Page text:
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Tafiti Gets the Message


by peirigill

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     "How would you like your coconut milk, Tafiti? Stramberry or Munuberry?"

      Tafiti opened his eyes into the bright Mystery Island sunshine, and stretched his tail languorously in his wading pool. "Mm… You have any Turihar on hand, Phidianne? No one makes as mean a Turihar Coconut Milk as you."

      Phidianne smiled knowingly. Tafiti knew full well that she kept one of the best-stocked juice bars on Mystery Island. She held a coconut firm with one hand and drew a machete from the thatched wall with the other, then sliced the coconut clean in half. With the showmanship of a stage magician, she ground and strained a handful of fresh Turihar berries and blended their rich mauve juices into one of the coconut halves. She ran the very end of one caramel-coloured wingtip across the mixture, just grazing the surface. Satisfied with the consistency, she added a straw and pressed the concoction into Tafiti's waiting flipper.

      "Must be nice to have something delivered to you for a change, eh?"

      Tafiti took a slow sip and sighed, unsure whether the presentation or the flavour was more sybaritic. He closed his eyes. Tafiti didn't have a great sense of smell, but the scent of turnip, with just a hint of garlic, wafted through the salt air. He sank another inch into the pool, taking care not to tilt his coconut shell. The blue swirls of his Camouflage hide seemed to vanish into the pool, along with all the cares of the world.

      "I wish I could lounge here all day, Phidianne," he apologized to the Island Hissi, "but duty calls." He patted his courier's satchel. "I don't know what the Island Mystic plans to do with all these Springy Green Slorg toys, but I'm sure he doesn't want to be kept waiting."

      Phidianne's eyes flashed. "How strange! He asked me to come see him later today. Why don't I join you?"

      "Lead the way, Captain!"

      Phidianne always loved visiting Ubuntu Island, which was lush even by Mystery Island's standards. She was glad for Tafiti's company, though. As an official Mystery Island Privateer, Phidianne could be called into service at any time, and her ship, the Five Hundredth Dubloon, converted from island ferry to warship. The Island Mystic was one of the five elders on Mystery Island's ruling council with the authority to call her into service - but not today, she hoped.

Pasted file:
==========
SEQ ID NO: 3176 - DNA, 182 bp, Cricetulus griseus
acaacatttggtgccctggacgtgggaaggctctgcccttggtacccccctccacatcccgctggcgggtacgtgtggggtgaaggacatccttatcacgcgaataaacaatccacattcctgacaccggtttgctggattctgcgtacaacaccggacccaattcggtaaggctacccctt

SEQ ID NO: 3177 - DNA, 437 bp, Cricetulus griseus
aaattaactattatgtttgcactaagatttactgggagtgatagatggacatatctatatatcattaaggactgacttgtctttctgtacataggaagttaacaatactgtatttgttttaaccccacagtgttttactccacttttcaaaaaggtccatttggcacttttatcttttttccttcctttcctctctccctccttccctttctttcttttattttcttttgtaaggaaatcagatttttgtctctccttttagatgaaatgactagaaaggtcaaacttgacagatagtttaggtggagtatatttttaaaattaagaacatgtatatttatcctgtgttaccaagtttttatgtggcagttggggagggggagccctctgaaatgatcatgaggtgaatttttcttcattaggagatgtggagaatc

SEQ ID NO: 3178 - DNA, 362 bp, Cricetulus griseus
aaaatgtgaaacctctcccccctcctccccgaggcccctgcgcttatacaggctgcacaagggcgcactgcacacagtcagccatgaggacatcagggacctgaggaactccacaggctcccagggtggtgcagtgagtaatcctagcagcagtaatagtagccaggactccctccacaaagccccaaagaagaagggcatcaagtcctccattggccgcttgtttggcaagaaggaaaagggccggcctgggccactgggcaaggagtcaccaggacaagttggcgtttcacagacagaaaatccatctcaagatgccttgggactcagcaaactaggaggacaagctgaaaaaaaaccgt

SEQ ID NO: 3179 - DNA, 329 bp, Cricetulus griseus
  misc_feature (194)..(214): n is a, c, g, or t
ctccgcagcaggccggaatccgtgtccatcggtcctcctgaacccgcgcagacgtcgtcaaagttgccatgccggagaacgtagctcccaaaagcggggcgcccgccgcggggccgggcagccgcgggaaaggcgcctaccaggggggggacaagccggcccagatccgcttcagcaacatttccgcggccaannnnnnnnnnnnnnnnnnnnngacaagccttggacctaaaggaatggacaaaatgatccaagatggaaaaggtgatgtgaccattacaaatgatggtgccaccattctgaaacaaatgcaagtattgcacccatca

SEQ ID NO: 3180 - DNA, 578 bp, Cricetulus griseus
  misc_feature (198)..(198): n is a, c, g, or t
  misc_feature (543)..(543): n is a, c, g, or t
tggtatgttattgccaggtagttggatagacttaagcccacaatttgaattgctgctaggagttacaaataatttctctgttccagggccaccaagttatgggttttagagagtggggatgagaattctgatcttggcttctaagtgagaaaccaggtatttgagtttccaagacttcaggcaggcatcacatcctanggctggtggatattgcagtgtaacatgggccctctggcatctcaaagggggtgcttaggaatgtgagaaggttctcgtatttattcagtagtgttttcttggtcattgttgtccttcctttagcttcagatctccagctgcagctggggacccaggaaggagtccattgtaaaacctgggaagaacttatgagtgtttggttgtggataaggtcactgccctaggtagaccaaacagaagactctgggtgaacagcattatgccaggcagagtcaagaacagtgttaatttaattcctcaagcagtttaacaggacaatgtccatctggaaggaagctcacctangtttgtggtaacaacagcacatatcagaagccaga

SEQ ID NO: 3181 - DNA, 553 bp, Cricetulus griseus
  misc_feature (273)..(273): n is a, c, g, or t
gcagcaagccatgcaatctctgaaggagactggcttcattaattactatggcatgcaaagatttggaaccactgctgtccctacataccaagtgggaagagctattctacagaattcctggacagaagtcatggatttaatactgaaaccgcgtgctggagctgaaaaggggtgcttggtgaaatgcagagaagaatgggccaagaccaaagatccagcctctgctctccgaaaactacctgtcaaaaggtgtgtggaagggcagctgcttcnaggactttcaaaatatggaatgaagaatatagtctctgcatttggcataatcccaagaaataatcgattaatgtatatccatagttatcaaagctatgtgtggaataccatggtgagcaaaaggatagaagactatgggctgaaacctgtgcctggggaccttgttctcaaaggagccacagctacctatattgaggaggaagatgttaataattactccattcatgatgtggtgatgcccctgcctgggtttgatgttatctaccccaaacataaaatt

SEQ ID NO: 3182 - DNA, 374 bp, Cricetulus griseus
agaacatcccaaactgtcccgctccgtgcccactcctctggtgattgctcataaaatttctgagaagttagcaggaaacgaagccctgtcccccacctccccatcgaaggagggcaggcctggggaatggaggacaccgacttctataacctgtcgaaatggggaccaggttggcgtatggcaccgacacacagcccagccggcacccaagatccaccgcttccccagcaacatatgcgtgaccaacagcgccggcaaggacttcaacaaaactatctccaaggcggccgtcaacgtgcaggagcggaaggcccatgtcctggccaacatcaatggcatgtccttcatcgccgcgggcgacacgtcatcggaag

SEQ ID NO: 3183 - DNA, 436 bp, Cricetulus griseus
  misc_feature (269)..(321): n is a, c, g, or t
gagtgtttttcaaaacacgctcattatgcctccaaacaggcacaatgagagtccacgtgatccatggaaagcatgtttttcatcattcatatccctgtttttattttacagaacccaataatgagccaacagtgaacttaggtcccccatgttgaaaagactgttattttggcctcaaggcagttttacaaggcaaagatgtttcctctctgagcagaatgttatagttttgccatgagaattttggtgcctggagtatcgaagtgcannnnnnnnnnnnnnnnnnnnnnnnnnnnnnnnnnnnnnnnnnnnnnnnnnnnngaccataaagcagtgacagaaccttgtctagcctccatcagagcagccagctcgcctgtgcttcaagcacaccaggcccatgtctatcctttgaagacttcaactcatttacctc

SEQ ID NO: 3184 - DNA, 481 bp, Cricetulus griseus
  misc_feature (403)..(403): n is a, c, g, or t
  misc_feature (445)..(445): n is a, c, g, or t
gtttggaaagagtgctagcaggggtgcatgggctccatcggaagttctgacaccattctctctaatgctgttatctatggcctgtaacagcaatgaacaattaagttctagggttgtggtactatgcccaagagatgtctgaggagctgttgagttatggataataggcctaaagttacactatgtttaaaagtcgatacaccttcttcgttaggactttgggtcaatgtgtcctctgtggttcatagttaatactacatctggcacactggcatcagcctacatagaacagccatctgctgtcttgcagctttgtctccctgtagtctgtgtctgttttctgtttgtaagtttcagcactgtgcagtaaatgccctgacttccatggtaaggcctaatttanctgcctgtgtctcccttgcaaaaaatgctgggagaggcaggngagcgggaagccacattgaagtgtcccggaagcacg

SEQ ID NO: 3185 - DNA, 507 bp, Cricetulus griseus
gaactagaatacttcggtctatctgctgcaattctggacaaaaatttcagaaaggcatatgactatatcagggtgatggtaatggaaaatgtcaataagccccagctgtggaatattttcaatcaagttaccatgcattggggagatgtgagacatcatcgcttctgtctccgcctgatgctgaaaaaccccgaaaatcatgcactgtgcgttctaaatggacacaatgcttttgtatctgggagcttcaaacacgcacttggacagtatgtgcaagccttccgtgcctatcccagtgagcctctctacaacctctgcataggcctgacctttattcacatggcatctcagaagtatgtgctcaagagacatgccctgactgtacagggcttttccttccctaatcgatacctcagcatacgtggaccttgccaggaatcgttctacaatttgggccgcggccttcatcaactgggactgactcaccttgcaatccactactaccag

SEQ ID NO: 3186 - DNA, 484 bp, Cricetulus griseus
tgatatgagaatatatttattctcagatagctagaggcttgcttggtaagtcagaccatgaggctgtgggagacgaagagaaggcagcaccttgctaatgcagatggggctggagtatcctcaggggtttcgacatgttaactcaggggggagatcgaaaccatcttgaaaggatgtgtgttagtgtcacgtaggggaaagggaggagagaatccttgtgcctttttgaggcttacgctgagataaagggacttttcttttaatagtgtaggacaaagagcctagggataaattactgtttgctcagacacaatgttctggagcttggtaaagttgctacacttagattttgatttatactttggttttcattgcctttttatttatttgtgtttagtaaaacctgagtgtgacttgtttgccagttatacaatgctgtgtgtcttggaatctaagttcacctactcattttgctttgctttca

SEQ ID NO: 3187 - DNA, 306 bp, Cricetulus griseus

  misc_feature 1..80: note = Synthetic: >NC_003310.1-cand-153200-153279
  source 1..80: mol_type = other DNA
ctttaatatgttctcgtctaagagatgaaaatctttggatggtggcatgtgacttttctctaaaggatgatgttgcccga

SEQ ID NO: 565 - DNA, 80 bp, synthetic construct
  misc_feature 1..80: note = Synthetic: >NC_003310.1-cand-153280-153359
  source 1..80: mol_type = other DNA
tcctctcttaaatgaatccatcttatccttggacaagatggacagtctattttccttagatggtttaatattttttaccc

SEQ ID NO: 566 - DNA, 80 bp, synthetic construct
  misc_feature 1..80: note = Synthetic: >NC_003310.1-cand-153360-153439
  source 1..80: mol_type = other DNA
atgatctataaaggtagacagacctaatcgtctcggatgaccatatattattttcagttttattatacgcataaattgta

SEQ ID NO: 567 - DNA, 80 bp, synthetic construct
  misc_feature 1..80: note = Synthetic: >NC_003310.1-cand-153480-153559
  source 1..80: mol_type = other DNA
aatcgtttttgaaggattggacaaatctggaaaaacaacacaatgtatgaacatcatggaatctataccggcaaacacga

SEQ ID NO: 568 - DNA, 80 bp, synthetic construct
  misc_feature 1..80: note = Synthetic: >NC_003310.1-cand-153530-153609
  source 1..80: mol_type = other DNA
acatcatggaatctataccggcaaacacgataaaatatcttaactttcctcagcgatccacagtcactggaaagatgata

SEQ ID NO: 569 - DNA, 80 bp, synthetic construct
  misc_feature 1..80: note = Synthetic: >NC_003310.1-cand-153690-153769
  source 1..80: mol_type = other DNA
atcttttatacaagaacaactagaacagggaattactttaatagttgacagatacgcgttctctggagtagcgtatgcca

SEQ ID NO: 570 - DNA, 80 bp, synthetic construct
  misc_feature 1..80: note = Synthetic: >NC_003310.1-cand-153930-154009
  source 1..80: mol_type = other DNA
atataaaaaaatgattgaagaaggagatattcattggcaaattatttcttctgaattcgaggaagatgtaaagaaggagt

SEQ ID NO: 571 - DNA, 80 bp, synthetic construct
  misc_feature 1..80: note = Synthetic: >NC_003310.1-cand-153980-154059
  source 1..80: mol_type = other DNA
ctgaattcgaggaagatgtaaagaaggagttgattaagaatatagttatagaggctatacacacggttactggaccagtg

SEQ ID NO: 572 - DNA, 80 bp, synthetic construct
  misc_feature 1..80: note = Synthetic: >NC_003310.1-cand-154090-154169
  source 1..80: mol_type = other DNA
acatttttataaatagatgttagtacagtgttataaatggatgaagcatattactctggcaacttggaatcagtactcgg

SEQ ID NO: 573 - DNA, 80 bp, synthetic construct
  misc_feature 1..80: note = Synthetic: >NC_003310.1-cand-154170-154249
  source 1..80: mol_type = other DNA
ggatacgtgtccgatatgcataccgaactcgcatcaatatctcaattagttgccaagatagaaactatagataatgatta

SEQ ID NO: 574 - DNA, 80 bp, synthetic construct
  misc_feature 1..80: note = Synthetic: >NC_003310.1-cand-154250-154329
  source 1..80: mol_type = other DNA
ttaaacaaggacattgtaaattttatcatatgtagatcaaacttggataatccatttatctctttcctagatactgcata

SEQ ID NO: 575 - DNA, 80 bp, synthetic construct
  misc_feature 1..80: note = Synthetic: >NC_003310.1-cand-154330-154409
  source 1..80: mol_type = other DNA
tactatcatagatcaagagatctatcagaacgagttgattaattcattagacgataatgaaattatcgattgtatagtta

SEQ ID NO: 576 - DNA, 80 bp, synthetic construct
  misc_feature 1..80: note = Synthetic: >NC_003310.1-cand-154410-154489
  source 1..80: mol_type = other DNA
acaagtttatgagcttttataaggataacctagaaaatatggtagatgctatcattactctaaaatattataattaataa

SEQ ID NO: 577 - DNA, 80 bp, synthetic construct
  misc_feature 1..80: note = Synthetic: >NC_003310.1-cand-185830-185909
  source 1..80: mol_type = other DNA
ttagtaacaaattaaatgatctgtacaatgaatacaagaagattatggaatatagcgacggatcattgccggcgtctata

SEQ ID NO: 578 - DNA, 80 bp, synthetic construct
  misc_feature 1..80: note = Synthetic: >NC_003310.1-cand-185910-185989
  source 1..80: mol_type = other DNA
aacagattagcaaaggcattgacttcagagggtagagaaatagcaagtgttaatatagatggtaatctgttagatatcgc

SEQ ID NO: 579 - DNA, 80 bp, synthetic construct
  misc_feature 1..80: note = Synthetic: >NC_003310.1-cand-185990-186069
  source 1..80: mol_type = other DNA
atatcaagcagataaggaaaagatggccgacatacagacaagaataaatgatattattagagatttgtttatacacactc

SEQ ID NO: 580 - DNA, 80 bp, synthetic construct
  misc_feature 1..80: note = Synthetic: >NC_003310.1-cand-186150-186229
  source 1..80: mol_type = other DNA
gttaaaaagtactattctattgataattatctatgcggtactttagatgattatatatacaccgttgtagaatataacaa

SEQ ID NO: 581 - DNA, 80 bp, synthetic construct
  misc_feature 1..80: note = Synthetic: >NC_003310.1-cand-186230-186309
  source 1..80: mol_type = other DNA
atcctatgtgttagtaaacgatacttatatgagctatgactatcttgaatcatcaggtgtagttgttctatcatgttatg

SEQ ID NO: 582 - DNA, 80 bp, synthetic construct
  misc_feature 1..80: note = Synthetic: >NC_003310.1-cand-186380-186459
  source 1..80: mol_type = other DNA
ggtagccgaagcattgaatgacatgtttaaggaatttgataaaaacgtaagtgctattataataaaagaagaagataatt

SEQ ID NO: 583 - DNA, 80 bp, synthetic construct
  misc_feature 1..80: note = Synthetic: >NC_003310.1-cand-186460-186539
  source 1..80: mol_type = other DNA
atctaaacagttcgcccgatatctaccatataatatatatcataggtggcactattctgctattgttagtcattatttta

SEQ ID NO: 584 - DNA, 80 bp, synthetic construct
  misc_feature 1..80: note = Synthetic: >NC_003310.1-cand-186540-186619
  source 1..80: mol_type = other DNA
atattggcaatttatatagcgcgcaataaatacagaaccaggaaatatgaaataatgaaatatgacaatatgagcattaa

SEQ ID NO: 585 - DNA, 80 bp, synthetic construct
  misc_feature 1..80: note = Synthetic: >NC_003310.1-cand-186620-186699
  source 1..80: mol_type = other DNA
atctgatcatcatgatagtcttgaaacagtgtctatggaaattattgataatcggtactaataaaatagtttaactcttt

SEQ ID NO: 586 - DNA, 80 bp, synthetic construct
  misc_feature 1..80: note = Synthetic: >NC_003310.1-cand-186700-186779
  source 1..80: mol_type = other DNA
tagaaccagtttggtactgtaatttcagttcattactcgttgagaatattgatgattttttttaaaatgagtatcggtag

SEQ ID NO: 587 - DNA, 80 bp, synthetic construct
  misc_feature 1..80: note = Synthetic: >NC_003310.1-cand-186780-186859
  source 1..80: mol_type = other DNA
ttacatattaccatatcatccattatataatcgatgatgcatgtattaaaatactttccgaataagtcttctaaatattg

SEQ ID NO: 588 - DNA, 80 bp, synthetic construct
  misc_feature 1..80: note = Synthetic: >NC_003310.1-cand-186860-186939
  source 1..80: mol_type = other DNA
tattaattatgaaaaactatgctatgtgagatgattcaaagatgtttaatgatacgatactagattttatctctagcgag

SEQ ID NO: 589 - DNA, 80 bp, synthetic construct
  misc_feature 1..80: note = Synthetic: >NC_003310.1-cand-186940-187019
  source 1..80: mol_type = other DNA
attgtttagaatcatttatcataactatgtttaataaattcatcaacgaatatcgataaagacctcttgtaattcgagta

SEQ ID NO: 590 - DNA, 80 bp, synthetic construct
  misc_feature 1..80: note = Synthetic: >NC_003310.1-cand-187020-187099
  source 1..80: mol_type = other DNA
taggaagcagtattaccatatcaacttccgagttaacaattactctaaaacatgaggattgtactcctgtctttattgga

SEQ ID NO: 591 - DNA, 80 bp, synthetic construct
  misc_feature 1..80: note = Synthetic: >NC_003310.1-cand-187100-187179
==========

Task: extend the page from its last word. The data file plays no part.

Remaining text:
Phidianne undulated purposefully along the path to the Island Mystic's home, more mansion than hut. Armed Coco guards barred the door, but stepped aside as they recognized Phidianne from her previous diplomatic visits. Tafiti returned their polite nod as he crossed the threshold, but could feel the guards' close scrutiny.

      Inside, they were greeted by a smartly dressed Coco butler. Phidianne raced forward. "Tshumba, you handsome devil! It's been too long!" She ignored the butler's discomfiture and wrapped her wings around him in a warm embrace. Tshumba gave her an avuncular smile, and Tafiti had the distinct impression that the Coco's smiles were both rare and sincere. Tshumba discreetly straightened his jacket and led them into the Island Mystic's reception hall.

      True to form, the Island Mystic made an entrance. Emerging from the cloud of an unexpected Smoke Bomb, the Kyrii shaman leapt with fiery eyes and arms akimbo in a dramatic gesture. Phidianne laughed delightedly, then paused and the Kyrii's gaze fell upon her Flotsam friend. She looked to Tafiti in confusion as the Kyrii tensed his shoulders and spread his feet apart like an aggressive sumo wrestler. She was used to the Island Mystic's flair for the dramatic, but this was odd even for him. Tafiti, caught completely off guard, just stared.

      Without breaking his stance, the Mystic turned his head towards Phidianne. "Captain Phidianne. You grace us with your presence. I see now why I summoned you today." The Hissi curtseyed. Shifting his gaze back to the Flotsam, he continued, "Welcome to you as well, southerner."

      Tafiti regained his composure. "I guess I shouldn't be surprised that the world-famous Island Mystic knows the ways of my homeland. I haven't seen a formal greeting like that… in a long time."

      "I know a good deal more than that, lad." The Kyrii fixed his eyes on the Flotsam, as though looking through him. He leaned abruptly in, nearly clobbering Tafiti's rostrum with his hairbone. "You will discover… treacherous luck? No… a cool weapon in the Ice Caves."

      Tafiti blinked. "Is that so? Well! I suppose that's something to look forward to…"

      "NO!" barked the Kyrii. "You do not understand! You must go! Go home! Now!"

      "Oh. Oookay…" answered Tafiti, nonplussed. "But I do have a delivery for you. If you could just sign…"

      "Yes, yes, of course!" the Mystic muttered excitedly. He grabbed a Berry Ink Pen from his butler's conveniently outstretched hand and smeared a juicy "X" on the receipt, and cackled something about "meddling Mortogs once and for all" under his breath. "Now GO!"